Part of the issue here is administrative rather than theological. I think that the church has taken the stance of adopting a uniform set of standards throughout the world because it is simply easier. Now that the world is so small, it would make no sense to create geographic allowances for certain practices.

    Although we do create geographic allowances for certain things like the sabbath day. While this isn’t as serious as polygamy, I think many would take it as an important issue. From what I hear the congregations in Israel meet on Saturdays, and those in Egypt meet on Fridays.

  • smallaxe

    It the activities are between informed, consenting adults the church should tolerate all diversity. What right (or moral authority from God) do we have to punish anyone as long as they refrain from “thou shalt not steal, lie, kill, etc.”?

    Last I checked adultery was also in that list, but isn’t that between consenting adults? In other words, on what basis do we decide what belongs on this “thou shalt not” list?

  • smallaxe

    I think that the limits of diversity of practice and doctrine are currently defined by the temple recommend questions. If you can answer honestly and pass the interview then you are OK even if you are a nutjob polygamist sympathizer such as Ben There or on the other extreme a (gasp) Democrat.

    Does that mean that the person doing the interview should not feel free to interpret the questions? Many of the questions are vague. Should they purposefully be left vauge? In other words, my version of “honestly answering the questions”, may not we what the SP has in mind. Not saying that I’m being dishonest, but my version of a testimony may not be his.

  • http://faithpromotingrumor.wordpress.com David J

    Smallaxe (#2), based upon my research, I concluded that yes, the authors of the OT do not sanction polygamy based upon the situation of its participants after engaging in the practice. This raises questions for D&C 132, which I believe indicates that God told JS that there were specific cases for God’s justification of it, which would contradict with my findings. Again, I don’t think BY or JS (or whoever wrote D&C 132) is to blame for not picking up on it because the OT doesn’t specifically attribute negativity to polygamy in a concise, clear-cut, manner. But the OT rarely teaches like that. The authors of the OT like to demonstrate through extended narratives (often times through entire books) that the choice to engage in polygamy (or idolatry, or murder, etc.) is one of many contributing factors which lead to sadness, despair, or even death.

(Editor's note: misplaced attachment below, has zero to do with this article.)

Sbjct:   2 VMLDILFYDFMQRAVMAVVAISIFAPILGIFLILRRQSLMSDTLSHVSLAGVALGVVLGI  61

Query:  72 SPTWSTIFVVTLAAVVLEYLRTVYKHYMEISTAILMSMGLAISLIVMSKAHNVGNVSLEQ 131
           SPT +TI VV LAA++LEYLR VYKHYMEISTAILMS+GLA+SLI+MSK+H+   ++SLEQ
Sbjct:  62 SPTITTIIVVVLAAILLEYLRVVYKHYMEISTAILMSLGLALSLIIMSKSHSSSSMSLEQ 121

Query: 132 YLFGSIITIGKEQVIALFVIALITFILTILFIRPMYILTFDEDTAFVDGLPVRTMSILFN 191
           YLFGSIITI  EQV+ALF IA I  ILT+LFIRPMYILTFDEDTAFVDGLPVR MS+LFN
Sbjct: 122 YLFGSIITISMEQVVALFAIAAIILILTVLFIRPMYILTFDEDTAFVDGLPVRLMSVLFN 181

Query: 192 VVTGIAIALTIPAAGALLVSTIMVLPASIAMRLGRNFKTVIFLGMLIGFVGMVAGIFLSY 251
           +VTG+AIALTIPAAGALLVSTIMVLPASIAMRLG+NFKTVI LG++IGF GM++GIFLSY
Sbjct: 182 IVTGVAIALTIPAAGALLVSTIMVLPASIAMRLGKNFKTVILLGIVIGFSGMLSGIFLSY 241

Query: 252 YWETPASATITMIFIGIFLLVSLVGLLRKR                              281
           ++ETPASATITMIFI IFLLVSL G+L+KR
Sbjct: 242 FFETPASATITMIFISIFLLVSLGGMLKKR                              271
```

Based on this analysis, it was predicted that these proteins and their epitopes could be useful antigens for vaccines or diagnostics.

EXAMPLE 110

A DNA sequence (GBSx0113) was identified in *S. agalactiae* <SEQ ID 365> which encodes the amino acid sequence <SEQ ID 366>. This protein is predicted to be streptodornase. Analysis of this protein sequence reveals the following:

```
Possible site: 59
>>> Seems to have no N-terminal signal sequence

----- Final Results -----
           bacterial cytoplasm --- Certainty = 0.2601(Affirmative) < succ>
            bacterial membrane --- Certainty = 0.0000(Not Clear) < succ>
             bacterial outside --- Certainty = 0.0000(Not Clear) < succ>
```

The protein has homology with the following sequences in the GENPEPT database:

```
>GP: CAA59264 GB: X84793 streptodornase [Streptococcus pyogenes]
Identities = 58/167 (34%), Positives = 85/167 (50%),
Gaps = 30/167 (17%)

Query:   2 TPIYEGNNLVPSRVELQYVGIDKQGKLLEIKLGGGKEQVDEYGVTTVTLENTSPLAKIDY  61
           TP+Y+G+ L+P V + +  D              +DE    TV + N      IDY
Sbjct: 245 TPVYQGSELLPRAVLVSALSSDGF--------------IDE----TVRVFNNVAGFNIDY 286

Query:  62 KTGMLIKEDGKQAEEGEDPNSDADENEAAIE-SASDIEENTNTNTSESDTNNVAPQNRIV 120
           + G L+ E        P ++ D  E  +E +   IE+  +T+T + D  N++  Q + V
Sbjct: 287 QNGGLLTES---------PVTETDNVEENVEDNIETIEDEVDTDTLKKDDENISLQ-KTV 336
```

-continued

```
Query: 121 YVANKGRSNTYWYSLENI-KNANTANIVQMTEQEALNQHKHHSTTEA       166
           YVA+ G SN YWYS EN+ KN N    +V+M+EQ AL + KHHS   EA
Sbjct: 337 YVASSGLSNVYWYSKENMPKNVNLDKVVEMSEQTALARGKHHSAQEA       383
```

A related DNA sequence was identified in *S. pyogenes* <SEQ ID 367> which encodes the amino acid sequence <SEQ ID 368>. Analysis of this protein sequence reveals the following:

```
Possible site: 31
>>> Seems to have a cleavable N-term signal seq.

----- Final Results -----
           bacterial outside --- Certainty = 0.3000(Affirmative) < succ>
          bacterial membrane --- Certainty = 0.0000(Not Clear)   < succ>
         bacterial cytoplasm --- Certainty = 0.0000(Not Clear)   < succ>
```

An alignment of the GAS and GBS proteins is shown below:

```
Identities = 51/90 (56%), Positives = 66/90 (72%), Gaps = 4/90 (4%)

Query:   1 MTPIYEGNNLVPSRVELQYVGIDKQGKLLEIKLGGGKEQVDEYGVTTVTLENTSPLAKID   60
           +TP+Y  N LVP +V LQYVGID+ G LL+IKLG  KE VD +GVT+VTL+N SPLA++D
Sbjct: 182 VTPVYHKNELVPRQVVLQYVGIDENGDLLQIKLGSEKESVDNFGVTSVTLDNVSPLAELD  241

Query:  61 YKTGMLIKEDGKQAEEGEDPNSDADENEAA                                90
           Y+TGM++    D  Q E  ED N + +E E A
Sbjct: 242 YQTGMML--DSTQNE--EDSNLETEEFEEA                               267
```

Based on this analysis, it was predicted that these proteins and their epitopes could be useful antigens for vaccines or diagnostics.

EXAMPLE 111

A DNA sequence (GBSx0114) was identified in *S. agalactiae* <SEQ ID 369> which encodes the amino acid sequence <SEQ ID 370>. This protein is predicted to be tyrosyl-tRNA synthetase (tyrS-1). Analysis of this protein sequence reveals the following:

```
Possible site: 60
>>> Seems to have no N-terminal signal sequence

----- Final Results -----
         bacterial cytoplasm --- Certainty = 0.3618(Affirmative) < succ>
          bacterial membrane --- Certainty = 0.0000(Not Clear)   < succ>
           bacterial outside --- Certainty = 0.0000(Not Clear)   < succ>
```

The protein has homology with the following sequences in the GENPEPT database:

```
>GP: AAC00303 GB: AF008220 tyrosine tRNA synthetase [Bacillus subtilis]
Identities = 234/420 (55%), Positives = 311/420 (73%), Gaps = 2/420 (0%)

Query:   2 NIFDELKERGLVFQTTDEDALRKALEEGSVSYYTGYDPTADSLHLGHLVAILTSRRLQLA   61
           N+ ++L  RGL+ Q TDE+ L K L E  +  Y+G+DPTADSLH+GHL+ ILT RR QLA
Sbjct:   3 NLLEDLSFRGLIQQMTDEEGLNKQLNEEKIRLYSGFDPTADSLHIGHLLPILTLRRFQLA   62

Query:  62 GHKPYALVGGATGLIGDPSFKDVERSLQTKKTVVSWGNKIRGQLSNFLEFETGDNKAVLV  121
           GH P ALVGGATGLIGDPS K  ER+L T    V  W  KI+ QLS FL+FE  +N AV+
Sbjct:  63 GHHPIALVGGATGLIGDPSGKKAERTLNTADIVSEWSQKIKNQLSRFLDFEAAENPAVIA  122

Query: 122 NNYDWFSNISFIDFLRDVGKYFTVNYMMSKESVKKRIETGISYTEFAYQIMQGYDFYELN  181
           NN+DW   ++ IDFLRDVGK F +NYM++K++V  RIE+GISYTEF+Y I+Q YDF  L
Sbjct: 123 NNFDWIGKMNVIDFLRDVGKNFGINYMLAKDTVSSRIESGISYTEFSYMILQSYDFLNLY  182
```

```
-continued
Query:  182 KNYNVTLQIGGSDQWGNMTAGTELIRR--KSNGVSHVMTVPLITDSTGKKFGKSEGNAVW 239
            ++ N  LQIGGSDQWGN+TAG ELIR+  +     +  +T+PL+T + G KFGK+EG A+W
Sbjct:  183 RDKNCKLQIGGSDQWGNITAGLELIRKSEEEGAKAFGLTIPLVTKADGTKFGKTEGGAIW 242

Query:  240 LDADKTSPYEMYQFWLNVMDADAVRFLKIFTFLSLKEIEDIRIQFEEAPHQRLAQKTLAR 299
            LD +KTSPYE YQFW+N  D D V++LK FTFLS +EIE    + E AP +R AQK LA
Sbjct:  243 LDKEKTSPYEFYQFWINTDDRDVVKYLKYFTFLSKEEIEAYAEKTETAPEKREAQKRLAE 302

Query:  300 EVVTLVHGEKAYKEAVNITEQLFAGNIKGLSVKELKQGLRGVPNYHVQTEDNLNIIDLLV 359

• http://faithpromotingrumor.wordpress.com TT

    David J,
    How do you explain the legal permission for polygamy in Lev if the OT authors don’t sanction polygamy? I can surmise that you are taking the “negative” stories in Genesis and 1-2 Kings to come to your conclusion, but it seems to be a rather strained reading. If the OT authors didn’t approve, why didn’t they just come out and say so instead of set legal authorizations for it?

  • http://ldstalk.wordpress.com/ Dando

    permitted but not recommended.

  • http://faithpromotingrumor.wordpress.com David J

    What Dando said. Plus, if one considers source criticism, one might conclude that the authors from pro-monarchic times (from which much of the Pentateuch was written/re-hashed) were attempting to legitimize David’s/Solomon’s practices post eventu. The Lev. verse (yeah, it’s a stretch) might be a plug for Davidic validity.

    Either way, every polygamy tale that precedes and succeeds the Leviticus dictate demonstrates quite the opposite – God doesn’t approve of it. No polygamist in the Bible wound up happy in the end, despite the Leviticus “approbation” of it.

  • http://faithpromotingrumor.wordpress.com David J

    I should have said: “Constructively God doesn’t approve of it.”

  • http://faithpromotingrumor.wordpress.com TT

    Well, maybe…but how can you tell the difference between permitted and recommended if they don’t actually say it? Why not say that about marriage itself is not recommended rather than just polygamous marriage (especially since monogamous marriage as a “morally superior” choice to polygamy didn’t really seem to be an available idea in antiquity)?

  • http://faithpromotingrumor.wordpress.com SmallAxe

    But the OT rarely teaches like that. The authors of the OT like to demonstrate through extended narratives (often times through entire books) that the choice to engage in polygamy (or idolatry, or murder, etc.) is one of many contributing factors which lead to sadness, despair, or even death.

    Why can’t we read it to mean “no one could pull it off” rather than it shouldn’t be done? And if plural marriage was the norm in OT times (I’m assuming it was, and could be totally wrong), why are we to assume that the text contains such a self-conscious critique of the practice? In other words is it possible that we read the text as making commentary on the practice only because the practice is questionable to us? Just some random thoughts.

  • http://faithpromotingrumor.wordpress.com David J

    1. It wasn’t the norm in OT times, which is why it gets special attention when it occurs. This is mentioned frequently in the Library of Ancient Israel series.

    2. It’s possible, but not probable. Again, every time it crops up, that person (usually the male) winds up in awful situations. Since the afterlife doctrines were not fully developed or even existent (cf. “Shades of Sheol” by Johnston), one would argue that the OT authors had to demonstrate proper judgment and retribution upon the “sinner” while he/she is still alive in order to give the reader the proper closure on the story. That being the case, any validation of it in Leviticus, I would argue, runs against the grain throughout the rest of the OT. I think you’re looking at a naughty, pro-monarchic redactor in Leviticus.